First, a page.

Economic Initiatives Critical For Youths’ Future

Rep. Richard Fale

I had the pleasure to serve as a judge at the recent Lemonade Alley Competition at the Hyatt Regency in Waikiki. This annual event is sponsored by the nonprofit BizGym Foundation, whose mission is to “make business fun through empowering kids with essential life skills that can be applied for the good of all.”

There were nine teams participating this year, entered in four categories from grades K to 12. They had to create original lemonade recipes, come up with a theme for their booth and give a one-minute pitch to the judges.

Lemonade Alley is a great opportunity for young entrepreneurs. Our kids need to be out-ofthe-box creative thinkers to thrive in the 21st century. We need to encourage more opportunities for similar events in Hawaii.

One particular booth caught my attention. Two elementary school brothers created the product, “We Kea Lemonade.” They learned how to streamline their production process and product assembly, while collaborating on product presentation and division of team labor. They took their assignment seriously and had fun at the same time!

This is exactly the type of atmosphere we need to encourage in our youths, since these skills are transferrable to the adult world. Product assembly, division of labor and marketing all are skills that successful business owners are familiar with.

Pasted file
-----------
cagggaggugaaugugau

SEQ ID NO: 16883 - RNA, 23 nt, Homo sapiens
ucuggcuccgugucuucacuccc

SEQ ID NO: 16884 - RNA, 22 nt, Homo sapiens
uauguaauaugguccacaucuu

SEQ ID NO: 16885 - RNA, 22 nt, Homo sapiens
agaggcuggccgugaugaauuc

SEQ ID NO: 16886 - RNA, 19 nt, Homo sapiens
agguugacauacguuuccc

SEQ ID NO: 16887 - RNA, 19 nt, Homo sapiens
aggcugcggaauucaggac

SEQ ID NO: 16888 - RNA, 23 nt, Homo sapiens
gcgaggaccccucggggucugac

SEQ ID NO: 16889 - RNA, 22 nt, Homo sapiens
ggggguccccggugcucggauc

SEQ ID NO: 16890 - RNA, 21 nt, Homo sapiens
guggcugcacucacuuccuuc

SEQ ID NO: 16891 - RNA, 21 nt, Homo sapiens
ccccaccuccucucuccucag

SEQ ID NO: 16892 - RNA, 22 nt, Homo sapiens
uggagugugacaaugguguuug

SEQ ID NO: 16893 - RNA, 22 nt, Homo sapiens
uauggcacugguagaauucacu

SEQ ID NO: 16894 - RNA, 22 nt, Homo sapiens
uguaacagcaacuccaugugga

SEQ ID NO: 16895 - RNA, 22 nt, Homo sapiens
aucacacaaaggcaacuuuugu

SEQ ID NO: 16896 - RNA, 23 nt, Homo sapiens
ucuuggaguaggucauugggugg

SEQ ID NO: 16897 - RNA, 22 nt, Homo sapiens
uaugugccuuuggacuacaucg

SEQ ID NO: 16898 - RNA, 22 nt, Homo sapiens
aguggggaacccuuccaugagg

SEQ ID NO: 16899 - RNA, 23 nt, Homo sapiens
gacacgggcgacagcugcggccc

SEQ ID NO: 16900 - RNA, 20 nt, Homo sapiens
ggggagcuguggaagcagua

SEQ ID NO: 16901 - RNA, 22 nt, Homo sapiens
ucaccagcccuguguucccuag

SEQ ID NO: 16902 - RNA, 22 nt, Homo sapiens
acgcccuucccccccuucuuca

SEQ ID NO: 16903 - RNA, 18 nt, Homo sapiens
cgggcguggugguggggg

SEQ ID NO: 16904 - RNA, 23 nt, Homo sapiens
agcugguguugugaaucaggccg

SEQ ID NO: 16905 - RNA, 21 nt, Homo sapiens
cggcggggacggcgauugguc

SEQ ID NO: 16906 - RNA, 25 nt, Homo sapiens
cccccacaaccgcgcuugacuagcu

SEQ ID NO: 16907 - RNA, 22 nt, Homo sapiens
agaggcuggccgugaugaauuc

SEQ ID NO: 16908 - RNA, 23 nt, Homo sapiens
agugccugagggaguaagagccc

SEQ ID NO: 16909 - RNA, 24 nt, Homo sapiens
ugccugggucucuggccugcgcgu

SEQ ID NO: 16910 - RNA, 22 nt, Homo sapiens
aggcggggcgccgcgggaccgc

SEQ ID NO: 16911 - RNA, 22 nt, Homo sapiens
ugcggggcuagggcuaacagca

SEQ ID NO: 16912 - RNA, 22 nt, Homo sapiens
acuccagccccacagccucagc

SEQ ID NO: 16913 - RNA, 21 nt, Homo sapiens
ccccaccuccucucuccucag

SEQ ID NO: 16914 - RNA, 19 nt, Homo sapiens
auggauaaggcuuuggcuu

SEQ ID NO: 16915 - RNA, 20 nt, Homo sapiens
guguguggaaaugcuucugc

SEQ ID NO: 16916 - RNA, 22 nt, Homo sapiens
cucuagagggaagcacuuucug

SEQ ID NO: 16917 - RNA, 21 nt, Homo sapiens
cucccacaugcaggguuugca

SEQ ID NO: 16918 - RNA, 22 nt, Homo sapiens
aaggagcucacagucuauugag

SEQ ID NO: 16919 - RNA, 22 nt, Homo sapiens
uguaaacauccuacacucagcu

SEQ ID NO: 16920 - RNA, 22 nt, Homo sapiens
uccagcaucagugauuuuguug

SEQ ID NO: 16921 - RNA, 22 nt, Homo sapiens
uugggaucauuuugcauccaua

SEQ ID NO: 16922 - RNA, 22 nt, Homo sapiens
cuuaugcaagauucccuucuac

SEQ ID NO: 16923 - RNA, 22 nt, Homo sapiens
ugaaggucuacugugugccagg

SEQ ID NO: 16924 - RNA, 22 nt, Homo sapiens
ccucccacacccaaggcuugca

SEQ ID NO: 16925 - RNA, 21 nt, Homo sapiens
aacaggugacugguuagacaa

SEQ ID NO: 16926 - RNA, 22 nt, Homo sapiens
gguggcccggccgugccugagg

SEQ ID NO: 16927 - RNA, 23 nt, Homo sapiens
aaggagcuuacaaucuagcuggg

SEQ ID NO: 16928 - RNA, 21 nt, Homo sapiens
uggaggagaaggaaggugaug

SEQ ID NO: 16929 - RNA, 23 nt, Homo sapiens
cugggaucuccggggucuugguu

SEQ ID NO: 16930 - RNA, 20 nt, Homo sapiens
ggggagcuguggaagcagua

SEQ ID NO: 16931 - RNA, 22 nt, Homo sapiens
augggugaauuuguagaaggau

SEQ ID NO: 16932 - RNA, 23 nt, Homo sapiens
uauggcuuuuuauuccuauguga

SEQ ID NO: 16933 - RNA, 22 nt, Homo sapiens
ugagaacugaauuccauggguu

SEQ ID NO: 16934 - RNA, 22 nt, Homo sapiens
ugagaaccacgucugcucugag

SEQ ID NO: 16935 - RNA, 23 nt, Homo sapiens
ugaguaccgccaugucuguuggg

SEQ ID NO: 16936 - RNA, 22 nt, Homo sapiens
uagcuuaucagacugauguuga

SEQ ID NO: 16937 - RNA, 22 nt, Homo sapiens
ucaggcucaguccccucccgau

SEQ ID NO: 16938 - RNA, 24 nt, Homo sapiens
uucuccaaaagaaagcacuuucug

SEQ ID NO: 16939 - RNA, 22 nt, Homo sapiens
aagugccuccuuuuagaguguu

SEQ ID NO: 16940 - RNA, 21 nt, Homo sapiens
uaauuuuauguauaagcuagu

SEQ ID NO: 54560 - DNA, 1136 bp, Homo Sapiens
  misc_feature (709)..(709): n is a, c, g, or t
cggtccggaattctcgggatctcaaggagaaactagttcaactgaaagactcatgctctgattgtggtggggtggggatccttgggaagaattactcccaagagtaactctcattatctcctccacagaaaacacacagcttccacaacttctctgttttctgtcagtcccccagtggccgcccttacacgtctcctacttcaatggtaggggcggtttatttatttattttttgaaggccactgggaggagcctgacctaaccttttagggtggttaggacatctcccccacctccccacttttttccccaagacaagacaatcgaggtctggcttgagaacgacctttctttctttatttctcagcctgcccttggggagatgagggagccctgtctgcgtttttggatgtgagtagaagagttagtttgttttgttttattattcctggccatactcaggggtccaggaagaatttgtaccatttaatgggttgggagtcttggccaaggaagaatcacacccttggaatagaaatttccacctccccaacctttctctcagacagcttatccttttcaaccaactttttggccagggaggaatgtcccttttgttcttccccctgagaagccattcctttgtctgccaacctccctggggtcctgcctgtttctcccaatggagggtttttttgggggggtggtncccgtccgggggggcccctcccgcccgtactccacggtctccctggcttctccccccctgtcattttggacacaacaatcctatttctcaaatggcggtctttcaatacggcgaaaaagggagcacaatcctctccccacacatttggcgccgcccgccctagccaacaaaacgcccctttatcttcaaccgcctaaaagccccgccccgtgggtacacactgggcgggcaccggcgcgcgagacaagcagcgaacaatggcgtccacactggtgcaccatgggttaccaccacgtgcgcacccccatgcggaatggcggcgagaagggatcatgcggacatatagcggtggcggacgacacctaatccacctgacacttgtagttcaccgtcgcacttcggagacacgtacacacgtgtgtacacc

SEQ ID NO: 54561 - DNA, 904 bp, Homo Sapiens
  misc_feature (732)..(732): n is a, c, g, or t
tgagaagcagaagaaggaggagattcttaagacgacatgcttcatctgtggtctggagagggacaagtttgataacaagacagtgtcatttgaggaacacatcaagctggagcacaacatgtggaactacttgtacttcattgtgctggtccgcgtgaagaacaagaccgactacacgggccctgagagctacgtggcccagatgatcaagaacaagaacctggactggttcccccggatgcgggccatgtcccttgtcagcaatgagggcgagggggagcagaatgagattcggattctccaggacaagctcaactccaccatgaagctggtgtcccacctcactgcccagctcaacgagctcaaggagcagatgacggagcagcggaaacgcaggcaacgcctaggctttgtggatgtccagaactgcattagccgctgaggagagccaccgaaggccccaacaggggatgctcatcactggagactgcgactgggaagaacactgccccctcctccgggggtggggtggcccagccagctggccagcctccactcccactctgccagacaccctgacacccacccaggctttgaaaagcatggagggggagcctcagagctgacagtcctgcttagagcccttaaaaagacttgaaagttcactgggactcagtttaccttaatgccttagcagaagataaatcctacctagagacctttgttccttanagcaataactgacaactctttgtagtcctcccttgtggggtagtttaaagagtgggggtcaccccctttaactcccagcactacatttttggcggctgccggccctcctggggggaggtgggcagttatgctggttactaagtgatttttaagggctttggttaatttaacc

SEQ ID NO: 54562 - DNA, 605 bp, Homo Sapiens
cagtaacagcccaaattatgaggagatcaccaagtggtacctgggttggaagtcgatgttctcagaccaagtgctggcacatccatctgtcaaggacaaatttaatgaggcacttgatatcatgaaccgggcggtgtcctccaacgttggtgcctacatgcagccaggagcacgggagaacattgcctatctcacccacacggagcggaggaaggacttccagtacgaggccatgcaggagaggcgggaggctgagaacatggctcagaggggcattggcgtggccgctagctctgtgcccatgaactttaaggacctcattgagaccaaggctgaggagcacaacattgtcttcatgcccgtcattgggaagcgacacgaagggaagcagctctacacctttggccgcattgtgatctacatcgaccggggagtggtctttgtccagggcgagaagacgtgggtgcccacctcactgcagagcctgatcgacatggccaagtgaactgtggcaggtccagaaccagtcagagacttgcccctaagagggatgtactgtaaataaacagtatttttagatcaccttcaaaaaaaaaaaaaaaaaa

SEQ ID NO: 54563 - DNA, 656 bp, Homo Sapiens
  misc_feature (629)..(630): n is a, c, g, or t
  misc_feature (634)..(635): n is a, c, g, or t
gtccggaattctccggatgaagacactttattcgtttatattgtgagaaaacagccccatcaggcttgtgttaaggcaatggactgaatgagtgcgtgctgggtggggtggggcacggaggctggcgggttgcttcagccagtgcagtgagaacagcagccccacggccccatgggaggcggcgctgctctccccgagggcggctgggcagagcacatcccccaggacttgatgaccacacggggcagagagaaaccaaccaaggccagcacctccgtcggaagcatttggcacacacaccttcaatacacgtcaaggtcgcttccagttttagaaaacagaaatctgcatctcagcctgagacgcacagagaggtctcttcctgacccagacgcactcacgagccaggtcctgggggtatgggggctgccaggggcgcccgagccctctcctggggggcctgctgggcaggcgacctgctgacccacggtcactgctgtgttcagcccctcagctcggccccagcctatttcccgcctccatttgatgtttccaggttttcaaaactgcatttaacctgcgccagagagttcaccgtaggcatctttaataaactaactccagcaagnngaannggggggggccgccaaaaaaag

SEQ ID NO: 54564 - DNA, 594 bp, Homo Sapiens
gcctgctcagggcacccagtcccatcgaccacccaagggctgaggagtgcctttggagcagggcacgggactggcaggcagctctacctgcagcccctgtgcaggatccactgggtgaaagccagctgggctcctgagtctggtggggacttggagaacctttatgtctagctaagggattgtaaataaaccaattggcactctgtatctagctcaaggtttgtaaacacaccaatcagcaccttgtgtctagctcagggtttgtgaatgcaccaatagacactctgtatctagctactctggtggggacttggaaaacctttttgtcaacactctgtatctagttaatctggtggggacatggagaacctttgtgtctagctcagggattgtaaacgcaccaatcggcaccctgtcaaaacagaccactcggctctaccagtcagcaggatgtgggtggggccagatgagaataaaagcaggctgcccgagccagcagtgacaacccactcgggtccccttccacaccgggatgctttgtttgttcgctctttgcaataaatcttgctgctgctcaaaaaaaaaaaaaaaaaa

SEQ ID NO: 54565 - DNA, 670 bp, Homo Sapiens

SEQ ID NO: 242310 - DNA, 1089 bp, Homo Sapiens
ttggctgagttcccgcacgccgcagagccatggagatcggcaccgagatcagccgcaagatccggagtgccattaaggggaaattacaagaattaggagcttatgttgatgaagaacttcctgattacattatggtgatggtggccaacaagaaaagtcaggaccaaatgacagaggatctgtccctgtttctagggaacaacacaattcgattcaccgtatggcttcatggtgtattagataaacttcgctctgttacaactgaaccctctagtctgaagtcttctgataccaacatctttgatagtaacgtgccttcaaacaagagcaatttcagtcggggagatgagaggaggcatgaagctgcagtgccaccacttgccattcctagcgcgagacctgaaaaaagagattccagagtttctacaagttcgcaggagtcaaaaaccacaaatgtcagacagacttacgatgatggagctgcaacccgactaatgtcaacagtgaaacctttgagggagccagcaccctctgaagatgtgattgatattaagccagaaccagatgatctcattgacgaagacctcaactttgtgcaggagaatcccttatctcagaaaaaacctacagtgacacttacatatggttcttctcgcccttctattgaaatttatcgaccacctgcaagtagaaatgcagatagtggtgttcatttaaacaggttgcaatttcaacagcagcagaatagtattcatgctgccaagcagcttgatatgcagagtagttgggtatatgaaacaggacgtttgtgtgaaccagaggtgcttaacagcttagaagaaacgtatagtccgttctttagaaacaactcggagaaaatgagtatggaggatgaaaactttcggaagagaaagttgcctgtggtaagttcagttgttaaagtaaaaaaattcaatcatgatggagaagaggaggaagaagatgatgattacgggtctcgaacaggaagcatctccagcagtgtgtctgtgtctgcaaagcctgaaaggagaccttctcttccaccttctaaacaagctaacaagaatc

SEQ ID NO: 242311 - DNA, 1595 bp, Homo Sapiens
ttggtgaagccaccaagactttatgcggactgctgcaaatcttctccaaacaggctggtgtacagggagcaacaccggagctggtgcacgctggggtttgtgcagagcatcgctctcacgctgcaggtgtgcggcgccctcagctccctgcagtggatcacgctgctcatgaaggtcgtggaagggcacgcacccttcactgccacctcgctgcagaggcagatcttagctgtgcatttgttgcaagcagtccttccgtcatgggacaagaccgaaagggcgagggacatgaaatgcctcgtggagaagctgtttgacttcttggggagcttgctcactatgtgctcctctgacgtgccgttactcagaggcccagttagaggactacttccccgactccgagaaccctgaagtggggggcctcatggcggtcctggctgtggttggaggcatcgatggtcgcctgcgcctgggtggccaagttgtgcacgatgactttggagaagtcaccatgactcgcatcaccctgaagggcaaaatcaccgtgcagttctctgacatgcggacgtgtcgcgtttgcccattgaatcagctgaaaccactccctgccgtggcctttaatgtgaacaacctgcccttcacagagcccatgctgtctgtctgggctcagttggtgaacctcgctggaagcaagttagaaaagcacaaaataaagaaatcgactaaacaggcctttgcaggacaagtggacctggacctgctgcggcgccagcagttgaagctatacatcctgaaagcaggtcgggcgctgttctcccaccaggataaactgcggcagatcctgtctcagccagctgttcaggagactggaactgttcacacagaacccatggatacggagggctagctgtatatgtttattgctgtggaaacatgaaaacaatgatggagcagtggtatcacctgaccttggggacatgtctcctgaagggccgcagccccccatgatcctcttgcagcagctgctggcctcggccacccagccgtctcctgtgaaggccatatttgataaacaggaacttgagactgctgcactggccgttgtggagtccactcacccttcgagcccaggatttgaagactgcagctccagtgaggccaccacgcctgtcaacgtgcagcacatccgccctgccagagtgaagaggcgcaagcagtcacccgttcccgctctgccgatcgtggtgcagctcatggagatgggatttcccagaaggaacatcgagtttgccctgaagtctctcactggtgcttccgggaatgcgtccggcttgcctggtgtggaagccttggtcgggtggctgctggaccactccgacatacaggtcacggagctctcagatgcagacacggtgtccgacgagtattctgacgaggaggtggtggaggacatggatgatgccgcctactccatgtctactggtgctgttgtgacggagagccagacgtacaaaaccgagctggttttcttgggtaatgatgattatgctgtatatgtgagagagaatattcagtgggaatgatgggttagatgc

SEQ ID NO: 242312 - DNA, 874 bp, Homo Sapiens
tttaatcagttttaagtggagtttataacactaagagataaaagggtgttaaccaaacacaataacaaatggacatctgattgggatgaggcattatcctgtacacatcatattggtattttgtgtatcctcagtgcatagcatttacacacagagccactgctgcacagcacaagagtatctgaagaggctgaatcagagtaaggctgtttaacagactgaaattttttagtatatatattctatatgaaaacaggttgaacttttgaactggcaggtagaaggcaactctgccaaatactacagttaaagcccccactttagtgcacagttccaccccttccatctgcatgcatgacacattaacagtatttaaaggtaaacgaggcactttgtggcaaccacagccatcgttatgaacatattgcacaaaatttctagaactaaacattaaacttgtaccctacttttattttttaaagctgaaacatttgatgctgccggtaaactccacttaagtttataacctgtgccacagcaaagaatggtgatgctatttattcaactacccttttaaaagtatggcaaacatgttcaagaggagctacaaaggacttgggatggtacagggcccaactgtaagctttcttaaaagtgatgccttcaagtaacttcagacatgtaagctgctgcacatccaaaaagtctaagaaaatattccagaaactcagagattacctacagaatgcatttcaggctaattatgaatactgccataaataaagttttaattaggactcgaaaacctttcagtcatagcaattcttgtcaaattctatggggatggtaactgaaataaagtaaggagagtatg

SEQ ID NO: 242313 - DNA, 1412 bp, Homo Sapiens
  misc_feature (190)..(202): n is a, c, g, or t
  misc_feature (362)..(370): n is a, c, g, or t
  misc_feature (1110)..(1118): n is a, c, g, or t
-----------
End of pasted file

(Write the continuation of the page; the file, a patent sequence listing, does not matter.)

Hawaii Growth Initiative (HGI) is a program that will fund the Hawaii Strategic Development Corporation (HDSC). The purpose of HGI is to attract entrepreneurial talent and private capital to Hawaii’s high-growth business opportunities by supporting an entrepreneurial ecosystem, partnering research activities with state and private industry, and networking business to sources of mainland and international capital investment.

The HGI and HDSC are the types of public policy initiatives that young entrepreneurs like our Lemonade Alley participants should look forward to in the future. Why can’t the next Bill Gates or Steve Jobs come from Hawaii?

HGI had overwhelming support from both the public and private sector, including the Chamber of Commerce of Hawaii. We need to support this and similar measures that will grow our local business community.

This will increase jobs in our state and at the same time increase the tax base. HGI is a far better idea than increasing taxes on our No. 1 industry – the visitor industry.

I support HB858, the Hawaii Growth Initiative. Bills like this help to diversify our economy and at the same time develop new opportunities. This is the message that we want to send to the business sector: Hawaii is open for business.

To contact us, please call 586-6380. You also can email or visit us at the Hawaii State Capitol, Room 319.